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What are the Different Types of Business Entities?

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  • Written By: Osmand Vitez
  • Edited By: PJP Schroeder
  • Last Modified Date: 13 November 2016
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When an entrepreneur decides to start a new business, he or she must choose among a variety of business entities. The most common types include a sole proprietorship, partnership, corporation, and limited liability company. They range from easiest to most difficult to start and maintain. Each entity has a specific taxation method, management organization, and liability structure. Among the business entities, proprietorships and partnerships typically have the least protection, while corporations and limited liability companies have more.

A sole proprietorship is the easiest business form to start. An individual simply needs a business license or other credentials provided by the local government. With this information, the individual can set up a business banking account and begin operations. All income earned through the business flows through to the individual’s personal tax return. The business owner has full liability for all his or her actions and the employees who work for the company. Many small, home-based businesses use this organizational form to start operations and may move to a different form later.

Partnerships are the next level among business entities. Partnerships are general or limited; a limited partnership has one individual who provides funds but provides no services for the firm. The company splits income among the partners based on the start-up paperwork filed with the government. All partners are liable for each other’s actions. Income flows through to each partner’s individual tax return.

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Corporations may either be C or S in designation. These business entities allow for corporate or personal tax returns, respectively. The entrepreneur will need to file the articles of incorporation with the local government and elect C or S for the new corporation. A C corporation requires that all income filed on a corporate tax return separate to all individuals in the business. S corporations call for income to flow through to personal tax returns; this form is best, in most cases, for small businesses. Both offer full liability coverage, protecting individual assets from business issues.

A limited liability company is a hybrid between the partnership and corporate business entities. It allows for business income to be taxed at personal rates, saving owners money. The company can also have some aspects of a partnership, where activities by each individual may be limited by personal investment levels. Not all governments recognize the limited liability company business form. Starting a business using this form may involve several different complications depending on the type of operations involved in the company.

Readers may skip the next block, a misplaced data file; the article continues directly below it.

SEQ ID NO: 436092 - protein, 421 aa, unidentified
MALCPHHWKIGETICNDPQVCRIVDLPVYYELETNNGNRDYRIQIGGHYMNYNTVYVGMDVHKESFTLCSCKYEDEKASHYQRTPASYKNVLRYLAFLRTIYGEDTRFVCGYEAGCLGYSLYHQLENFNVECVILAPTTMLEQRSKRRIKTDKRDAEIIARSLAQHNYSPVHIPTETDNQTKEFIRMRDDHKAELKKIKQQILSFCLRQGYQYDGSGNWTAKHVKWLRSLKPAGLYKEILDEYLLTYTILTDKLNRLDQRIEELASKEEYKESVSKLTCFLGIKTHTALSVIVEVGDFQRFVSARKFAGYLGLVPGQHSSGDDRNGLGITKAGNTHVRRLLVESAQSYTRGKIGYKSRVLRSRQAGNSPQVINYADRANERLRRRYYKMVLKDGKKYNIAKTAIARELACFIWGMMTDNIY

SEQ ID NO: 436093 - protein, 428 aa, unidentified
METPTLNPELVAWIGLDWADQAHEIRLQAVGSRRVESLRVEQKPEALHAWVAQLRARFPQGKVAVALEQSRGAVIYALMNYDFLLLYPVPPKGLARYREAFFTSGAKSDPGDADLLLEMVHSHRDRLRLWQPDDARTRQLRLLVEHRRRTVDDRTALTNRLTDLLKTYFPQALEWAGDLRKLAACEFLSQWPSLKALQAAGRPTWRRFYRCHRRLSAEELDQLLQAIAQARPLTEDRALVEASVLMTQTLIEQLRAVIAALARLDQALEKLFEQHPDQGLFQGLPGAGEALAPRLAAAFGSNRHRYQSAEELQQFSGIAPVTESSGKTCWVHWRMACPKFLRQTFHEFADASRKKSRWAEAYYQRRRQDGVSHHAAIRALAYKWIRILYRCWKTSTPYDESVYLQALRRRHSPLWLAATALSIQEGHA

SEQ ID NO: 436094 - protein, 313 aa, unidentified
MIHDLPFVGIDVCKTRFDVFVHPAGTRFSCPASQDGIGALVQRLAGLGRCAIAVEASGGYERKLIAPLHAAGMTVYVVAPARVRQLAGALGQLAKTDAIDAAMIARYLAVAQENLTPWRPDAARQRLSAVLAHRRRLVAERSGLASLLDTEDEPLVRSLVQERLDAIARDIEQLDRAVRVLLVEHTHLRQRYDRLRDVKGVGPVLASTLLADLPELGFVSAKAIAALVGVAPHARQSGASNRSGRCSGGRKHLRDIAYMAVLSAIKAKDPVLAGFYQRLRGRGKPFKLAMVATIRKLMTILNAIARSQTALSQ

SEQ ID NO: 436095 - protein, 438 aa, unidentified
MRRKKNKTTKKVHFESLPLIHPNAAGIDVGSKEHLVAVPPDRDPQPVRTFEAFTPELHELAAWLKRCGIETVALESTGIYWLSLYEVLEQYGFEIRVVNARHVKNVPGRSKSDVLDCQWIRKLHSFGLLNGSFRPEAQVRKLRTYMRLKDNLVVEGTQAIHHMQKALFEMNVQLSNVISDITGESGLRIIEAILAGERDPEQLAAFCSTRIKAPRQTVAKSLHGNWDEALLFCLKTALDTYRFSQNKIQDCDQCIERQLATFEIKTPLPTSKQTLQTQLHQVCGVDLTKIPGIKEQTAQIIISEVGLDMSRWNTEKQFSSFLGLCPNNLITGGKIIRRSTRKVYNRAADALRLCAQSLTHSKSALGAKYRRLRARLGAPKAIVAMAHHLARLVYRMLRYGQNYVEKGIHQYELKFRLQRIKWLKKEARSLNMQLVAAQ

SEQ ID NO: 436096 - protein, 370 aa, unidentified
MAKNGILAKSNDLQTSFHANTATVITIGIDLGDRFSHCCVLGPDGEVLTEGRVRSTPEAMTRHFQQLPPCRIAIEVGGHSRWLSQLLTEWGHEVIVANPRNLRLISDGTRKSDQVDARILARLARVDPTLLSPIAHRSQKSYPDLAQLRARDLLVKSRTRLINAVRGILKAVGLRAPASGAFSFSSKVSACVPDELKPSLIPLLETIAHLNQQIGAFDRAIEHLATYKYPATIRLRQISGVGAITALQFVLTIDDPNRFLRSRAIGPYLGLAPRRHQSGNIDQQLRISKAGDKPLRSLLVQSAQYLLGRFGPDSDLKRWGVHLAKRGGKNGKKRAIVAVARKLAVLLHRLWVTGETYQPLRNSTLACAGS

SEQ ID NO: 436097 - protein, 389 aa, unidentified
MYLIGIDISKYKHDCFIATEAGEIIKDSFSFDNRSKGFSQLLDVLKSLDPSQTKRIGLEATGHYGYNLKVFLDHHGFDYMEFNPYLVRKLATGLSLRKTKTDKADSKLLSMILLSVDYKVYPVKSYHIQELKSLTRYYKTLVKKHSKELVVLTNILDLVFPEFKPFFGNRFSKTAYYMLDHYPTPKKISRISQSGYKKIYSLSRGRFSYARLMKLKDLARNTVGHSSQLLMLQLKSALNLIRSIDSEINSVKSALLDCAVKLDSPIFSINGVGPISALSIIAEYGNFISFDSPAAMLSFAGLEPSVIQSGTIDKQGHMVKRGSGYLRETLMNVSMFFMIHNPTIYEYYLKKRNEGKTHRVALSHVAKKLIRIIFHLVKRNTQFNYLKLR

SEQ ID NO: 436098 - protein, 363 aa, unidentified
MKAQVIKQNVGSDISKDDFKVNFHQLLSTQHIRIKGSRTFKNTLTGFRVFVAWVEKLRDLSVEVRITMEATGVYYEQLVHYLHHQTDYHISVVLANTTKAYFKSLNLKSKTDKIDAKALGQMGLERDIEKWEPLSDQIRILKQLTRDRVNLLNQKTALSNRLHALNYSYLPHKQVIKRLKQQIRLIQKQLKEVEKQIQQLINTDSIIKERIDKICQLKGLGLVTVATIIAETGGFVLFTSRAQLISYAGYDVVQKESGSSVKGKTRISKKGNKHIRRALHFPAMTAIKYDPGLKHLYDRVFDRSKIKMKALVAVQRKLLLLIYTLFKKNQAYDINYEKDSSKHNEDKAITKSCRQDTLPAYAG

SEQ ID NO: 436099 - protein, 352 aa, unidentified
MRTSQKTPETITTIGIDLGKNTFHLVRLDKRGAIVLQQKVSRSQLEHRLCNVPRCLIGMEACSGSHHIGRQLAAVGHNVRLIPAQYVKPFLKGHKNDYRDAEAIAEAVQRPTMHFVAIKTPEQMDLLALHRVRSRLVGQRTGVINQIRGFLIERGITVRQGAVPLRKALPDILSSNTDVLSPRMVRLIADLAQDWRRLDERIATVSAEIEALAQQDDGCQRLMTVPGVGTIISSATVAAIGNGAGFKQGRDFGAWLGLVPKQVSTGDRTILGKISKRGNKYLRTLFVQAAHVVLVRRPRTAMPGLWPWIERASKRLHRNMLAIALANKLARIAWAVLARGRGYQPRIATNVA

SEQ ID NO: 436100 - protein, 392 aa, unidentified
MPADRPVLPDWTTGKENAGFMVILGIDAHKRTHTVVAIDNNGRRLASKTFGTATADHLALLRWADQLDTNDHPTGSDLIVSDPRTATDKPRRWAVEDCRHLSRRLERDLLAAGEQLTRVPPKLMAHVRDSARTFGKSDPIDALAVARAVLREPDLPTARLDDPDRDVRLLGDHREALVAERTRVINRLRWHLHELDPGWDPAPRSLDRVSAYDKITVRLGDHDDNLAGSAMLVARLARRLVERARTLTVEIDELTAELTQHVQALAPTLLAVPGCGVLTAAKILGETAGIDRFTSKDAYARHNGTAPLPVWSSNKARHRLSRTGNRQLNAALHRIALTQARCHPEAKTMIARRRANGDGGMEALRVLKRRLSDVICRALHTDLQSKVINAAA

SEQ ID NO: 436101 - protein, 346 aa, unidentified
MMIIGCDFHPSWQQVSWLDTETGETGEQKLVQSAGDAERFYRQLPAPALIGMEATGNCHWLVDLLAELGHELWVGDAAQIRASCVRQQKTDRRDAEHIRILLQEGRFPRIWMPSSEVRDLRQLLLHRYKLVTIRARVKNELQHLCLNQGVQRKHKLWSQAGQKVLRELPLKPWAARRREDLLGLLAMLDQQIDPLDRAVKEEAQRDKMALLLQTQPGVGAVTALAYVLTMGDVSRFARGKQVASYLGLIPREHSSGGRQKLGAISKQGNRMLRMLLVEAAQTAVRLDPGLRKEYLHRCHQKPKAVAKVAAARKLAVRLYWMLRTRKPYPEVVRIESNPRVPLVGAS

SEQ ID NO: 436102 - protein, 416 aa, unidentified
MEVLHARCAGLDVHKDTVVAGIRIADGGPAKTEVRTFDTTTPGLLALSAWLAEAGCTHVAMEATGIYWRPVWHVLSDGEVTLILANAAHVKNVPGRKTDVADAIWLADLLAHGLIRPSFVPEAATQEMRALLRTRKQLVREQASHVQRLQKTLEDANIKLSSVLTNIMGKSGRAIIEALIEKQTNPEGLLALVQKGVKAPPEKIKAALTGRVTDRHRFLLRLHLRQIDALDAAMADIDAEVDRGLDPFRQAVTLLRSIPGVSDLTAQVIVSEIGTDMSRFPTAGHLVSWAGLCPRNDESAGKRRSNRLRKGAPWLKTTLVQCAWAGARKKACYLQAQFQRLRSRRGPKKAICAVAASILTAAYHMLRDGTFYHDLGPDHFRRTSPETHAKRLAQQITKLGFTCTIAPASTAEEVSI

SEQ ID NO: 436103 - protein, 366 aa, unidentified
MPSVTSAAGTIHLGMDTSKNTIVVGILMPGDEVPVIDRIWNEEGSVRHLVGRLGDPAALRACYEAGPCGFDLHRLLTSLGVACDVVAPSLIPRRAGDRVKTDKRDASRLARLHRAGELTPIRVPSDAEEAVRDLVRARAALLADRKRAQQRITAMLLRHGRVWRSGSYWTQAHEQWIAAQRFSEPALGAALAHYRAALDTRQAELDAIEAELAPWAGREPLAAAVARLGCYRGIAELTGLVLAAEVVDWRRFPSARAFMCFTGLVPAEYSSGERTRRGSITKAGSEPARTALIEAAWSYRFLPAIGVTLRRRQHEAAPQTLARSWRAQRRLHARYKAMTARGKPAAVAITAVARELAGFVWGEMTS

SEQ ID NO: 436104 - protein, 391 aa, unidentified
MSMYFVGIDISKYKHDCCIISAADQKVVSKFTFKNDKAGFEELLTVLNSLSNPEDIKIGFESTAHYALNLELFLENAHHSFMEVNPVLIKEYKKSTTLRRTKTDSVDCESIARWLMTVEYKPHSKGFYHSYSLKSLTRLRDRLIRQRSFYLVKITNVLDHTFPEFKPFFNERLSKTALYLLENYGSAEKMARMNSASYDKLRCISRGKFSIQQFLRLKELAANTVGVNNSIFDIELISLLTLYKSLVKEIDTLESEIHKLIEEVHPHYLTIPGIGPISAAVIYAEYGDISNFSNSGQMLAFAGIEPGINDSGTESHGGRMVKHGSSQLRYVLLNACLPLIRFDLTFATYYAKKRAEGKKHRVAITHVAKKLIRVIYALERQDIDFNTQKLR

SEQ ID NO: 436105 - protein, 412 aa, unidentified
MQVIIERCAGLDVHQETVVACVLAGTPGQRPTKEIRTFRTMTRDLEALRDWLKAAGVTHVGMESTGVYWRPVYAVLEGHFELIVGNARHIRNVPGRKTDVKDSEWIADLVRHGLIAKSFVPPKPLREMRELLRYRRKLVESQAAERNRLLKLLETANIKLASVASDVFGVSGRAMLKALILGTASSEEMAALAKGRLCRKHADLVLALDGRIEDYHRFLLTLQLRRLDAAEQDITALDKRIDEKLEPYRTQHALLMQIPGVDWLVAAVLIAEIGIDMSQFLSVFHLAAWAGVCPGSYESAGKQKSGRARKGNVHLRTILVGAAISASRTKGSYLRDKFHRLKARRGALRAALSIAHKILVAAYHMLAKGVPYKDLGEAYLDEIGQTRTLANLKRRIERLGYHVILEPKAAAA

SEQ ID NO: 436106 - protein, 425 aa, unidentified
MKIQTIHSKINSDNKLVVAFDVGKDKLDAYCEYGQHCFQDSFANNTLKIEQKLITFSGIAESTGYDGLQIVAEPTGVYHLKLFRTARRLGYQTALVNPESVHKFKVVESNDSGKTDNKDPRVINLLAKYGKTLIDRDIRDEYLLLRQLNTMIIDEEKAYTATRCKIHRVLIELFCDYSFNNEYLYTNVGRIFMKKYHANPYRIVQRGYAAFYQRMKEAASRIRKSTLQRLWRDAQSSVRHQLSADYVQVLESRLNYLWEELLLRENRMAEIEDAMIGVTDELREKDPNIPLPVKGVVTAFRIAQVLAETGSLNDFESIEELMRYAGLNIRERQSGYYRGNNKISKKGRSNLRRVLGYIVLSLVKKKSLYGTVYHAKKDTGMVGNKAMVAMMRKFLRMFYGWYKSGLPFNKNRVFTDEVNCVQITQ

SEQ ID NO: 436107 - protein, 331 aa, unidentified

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surfNturf
Post 3

@Mantra -I think that is a good idea. I would make sure that you also have a legal agreement between your partner and yourself in case there are any disputes later on. I know a lot of people that form partnerships usually go with a limited liability company or an LLC. The advantage here is that you get to file under your personal income taxes and can save a little money.

You also might want to look at a nonprofit group called SCORE. This organization is made up of entrepreneurs and retired business executives that mentor new business owners like yourself. You could be matched up with a counselor that has had experience operating a daycare which would be really helpful. Good luck to you.

mantra
Post 2

I am going to start a daycare business with a partner next year. I have been reading all sorts of resources, but am still behind the curve when it comes to figuring out taxation of business entities.

I have been trying to figure out the best type of business entity for a daycare business with a partnership. I think I need to talk to an accountant or maybe an attorney who can explain what I should expect when it comes to business taxes.

This is a new endeavor for me. I have never run a business before. Fortunately, my partner has more experience. I think I will check out the secretary of state website, too. I bet I will find some resources there.

OhDeDoh
Post 1

My dad recently bought a semi truck with water tanks. He has been driving a water truck for a company working at the oil fields in North Dakota. The potential for an owner/operator is great so when he had the opportunity to buy his own truck, he knew he couldn’t miss it.

After researching the different business entity types, he and my mom decided a limited liability corporation would best suit their needs.

Our state secretary website has all the information and links for the steps to obtain an LLC. It has printable forms, fee schedules, certificates of existence, and more. After he got his certificate of existence, he got an employer identification number.

Now we are just waiting for a little work to be done on the truck and he will be ready to start working for himself.

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